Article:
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Looking ahead: How policing and public safety are changing

How will issues like police reform, staffing challenges and cybersecurity shape the future of the profession?

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Public safety is rapidly evolving in many areas, but which of these areas impact law enforcement agencies the most? Despite the many challenges facing law enforcement today, leading agencies can and will overcome these obstacles by developing new approaches and adopting innovative tools to better protect and serve their communities.


Sponsored by Mark43

By Police1 BrandFocus Staff

The phrase “reimagining policing” has become part of a national conversation about the mission of law enforcement – but what that phrase means depends on whom you ask.

This article explores six key trends shaping the future of public safety in the United States, based on a report prepared by Mark43 (available here), to help agency leaders decide what “reimagining policing” means for your agency and the community you serve. Use this information to identify strategies and tools to guide your organization forward in this time of change.


Over the last few years, public safety agencies have had to contend with a general decline in goodwill toward police, the arrival of COVID-19 and a historic rise in violent crime, as well as the nationwide protests and public unrest that followed the murder of George Floyd.

These events helped fuel the growing movements aimed at scaling back, reimagining or altogether eliminating some functions of law enforcement. Responding to mental and behavioral health crises is central to this issue. Jurisdictions across the country are rethinking how they respond to individuals in crisis with co-responder programs, mobile crisis teams and civilian-only responses.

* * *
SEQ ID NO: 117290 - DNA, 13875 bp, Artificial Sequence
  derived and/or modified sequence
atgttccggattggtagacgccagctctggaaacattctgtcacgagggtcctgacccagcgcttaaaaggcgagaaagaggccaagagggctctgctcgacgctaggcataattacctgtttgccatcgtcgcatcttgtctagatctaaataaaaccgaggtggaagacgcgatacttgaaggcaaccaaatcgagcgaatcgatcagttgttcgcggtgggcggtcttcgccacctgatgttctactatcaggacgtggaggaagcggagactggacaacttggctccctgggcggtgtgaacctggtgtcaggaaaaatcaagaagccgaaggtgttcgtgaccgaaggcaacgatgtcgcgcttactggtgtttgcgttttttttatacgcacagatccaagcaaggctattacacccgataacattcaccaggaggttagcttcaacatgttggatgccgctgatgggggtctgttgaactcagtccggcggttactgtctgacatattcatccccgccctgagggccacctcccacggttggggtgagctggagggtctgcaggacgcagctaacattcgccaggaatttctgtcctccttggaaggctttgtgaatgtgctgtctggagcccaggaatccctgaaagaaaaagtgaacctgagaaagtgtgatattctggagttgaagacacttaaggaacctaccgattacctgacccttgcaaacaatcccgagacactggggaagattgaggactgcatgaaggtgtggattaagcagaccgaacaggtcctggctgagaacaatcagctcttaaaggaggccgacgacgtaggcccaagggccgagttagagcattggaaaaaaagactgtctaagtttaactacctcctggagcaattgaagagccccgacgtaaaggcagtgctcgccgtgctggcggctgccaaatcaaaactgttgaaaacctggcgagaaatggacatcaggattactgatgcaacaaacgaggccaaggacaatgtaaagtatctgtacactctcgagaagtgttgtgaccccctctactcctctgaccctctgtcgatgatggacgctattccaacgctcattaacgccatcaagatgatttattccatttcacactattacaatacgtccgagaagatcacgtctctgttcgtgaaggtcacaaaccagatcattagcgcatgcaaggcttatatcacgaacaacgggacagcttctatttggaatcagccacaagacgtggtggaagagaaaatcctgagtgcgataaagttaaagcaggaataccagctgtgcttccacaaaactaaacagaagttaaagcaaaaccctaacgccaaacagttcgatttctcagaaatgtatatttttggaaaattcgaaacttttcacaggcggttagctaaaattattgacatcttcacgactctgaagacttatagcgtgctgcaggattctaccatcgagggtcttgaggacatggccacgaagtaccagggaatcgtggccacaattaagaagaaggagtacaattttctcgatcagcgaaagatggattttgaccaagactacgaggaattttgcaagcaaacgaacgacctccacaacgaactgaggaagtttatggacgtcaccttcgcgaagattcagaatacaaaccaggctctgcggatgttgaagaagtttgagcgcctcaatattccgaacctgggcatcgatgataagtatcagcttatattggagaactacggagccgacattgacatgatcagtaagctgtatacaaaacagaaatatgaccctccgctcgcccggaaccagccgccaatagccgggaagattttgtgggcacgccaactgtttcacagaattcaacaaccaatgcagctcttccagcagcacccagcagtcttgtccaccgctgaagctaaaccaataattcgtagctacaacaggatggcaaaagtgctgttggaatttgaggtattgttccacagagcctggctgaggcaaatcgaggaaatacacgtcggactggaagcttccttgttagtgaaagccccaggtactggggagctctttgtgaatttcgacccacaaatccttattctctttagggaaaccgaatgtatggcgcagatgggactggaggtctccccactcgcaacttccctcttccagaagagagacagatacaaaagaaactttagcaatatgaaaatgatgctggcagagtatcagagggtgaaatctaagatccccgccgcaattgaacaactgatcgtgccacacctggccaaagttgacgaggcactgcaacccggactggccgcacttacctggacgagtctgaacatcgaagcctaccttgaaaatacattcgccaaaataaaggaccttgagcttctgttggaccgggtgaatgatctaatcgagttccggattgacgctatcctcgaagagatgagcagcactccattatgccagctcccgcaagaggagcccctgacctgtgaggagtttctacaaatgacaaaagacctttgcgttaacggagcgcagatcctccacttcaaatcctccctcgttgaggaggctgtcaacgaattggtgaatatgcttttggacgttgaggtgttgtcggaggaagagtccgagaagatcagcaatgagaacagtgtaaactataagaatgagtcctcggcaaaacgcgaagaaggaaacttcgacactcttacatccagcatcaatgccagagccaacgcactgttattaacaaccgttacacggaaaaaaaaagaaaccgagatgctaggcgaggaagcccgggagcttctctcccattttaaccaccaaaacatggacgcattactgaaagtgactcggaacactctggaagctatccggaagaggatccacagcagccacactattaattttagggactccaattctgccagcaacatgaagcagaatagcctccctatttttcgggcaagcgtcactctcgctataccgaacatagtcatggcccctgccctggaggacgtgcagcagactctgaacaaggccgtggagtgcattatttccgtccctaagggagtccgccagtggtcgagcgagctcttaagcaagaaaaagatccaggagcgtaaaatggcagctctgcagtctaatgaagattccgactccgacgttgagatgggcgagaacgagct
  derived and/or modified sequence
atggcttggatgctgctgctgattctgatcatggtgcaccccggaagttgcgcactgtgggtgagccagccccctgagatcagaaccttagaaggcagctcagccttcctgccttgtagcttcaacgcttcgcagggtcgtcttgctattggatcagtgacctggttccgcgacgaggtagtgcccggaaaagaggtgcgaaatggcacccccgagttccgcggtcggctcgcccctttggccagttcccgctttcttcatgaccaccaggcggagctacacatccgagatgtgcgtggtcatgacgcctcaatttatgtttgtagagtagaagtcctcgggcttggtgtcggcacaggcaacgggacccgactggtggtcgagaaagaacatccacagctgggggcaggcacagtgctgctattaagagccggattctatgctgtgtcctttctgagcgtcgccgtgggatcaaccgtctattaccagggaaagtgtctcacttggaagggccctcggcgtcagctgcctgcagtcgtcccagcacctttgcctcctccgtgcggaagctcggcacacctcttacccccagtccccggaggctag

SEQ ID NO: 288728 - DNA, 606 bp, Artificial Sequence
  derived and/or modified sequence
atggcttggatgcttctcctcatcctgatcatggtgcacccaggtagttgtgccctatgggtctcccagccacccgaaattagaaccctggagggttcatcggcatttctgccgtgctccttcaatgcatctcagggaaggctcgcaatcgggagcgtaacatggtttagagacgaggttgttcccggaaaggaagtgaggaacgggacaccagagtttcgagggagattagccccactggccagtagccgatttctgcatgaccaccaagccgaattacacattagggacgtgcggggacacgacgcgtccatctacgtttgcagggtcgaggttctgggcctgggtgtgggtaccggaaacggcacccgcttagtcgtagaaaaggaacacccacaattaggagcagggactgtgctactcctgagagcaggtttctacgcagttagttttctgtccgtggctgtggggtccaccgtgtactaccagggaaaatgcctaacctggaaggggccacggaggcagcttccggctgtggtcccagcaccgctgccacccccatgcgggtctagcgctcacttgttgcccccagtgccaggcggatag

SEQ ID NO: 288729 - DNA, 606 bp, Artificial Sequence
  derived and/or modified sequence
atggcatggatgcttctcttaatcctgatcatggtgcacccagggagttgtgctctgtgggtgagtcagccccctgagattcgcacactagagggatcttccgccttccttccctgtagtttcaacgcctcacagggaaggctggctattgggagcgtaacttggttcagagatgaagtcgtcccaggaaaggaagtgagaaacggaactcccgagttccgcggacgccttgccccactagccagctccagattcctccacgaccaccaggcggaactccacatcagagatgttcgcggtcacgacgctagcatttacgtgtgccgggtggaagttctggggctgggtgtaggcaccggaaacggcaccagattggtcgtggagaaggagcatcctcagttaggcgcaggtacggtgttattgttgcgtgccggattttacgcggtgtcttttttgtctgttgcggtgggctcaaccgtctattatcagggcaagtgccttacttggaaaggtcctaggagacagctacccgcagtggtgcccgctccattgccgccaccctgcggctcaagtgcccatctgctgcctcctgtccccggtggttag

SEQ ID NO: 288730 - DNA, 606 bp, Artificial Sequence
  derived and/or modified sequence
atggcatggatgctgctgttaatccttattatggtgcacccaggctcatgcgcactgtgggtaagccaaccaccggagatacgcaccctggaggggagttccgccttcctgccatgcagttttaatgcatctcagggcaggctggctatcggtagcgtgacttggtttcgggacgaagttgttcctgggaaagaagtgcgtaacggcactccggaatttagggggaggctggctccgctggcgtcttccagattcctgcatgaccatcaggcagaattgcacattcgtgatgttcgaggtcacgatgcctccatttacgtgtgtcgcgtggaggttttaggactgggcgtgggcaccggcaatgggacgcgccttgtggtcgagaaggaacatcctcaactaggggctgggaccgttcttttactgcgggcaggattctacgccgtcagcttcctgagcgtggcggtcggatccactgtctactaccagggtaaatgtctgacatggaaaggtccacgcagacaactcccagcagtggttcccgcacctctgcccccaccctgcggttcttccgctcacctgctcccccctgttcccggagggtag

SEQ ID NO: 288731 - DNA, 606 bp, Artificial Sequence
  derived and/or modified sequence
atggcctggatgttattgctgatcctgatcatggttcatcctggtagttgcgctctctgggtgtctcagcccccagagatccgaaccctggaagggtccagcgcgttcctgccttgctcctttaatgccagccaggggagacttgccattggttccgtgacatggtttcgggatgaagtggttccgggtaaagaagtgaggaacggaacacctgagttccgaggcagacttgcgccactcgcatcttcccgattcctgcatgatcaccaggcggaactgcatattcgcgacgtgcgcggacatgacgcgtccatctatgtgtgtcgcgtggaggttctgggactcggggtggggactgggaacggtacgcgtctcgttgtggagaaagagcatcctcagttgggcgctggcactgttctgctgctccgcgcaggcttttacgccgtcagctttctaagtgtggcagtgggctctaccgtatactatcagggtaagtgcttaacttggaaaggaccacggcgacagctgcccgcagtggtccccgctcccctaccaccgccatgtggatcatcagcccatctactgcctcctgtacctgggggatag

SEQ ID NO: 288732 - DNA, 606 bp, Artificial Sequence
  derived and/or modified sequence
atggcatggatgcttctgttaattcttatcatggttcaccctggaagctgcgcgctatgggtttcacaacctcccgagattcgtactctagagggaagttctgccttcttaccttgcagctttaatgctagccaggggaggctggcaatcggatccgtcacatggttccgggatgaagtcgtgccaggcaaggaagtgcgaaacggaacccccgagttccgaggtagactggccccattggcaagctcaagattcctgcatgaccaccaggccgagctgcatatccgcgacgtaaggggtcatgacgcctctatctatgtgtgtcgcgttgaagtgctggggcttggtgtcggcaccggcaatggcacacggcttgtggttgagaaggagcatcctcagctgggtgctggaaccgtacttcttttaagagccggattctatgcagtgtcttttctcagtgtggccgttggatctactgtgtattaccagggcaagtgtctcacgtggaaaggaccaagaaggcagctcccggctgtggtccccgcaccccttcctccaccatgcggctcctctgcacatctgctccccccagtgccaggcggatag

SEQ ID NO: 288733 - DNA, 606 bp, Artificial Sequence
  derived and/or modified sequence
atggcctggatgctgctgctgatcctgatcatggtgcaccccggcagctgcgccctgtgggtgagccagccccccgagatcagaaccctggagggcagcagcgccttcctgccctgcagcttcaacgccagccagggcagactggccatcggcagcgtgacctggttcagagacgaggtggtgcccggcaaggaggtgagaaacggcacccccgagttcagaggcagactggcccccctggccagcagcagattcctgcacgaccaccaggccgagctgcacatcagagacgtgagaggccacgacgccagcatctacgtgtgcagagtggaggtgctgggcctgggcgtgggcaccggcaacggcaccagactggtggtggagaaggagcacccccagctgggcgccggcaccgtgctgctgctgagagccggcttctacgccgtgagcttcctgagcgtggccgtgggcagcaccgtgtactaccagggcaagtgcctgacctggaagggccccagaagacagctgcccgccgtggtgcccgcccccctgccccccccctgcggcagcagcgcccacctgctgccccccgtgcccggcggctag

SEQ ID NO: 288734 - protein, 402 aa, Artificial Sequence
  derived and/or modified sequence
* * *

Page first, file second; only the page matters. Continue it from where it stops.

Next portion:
Traffic stops have also come under the microscope. Some cities have implemented unarmed civilian response to traffic stops for minor infractions, and some governing bodies have gone so far as to prohibit law enforcement from stopping drivers for low-level traffic violations altogether.

Finding cooperative solutions will be the key to making lasting changes that work for your agency and community. Use your agency’s data to establish patterns and gain further insights, and be sure to engage community leaders early to gather input and build relationships.


Chances are your agency has tons of data on hand, but what are you doing with it? Consider how you can use your data to determine needs and priorities – such as identifying hard-hit neighborhoods that could benefit from increased patrol – and build community trust.

Invite the members of your community to take an active role by making your agency’s data available, accessible and authentic. Don’t wait for an annual report – share information regularly via your website (make sure it’s mobile-friendly!) and social media with community members in mind. Include context to help your intended audience understand the information you’re sharing and what it means for your community.

Your goal should be to start a conversation that sparks reciprocal sharing of information between your agency and the community you serve.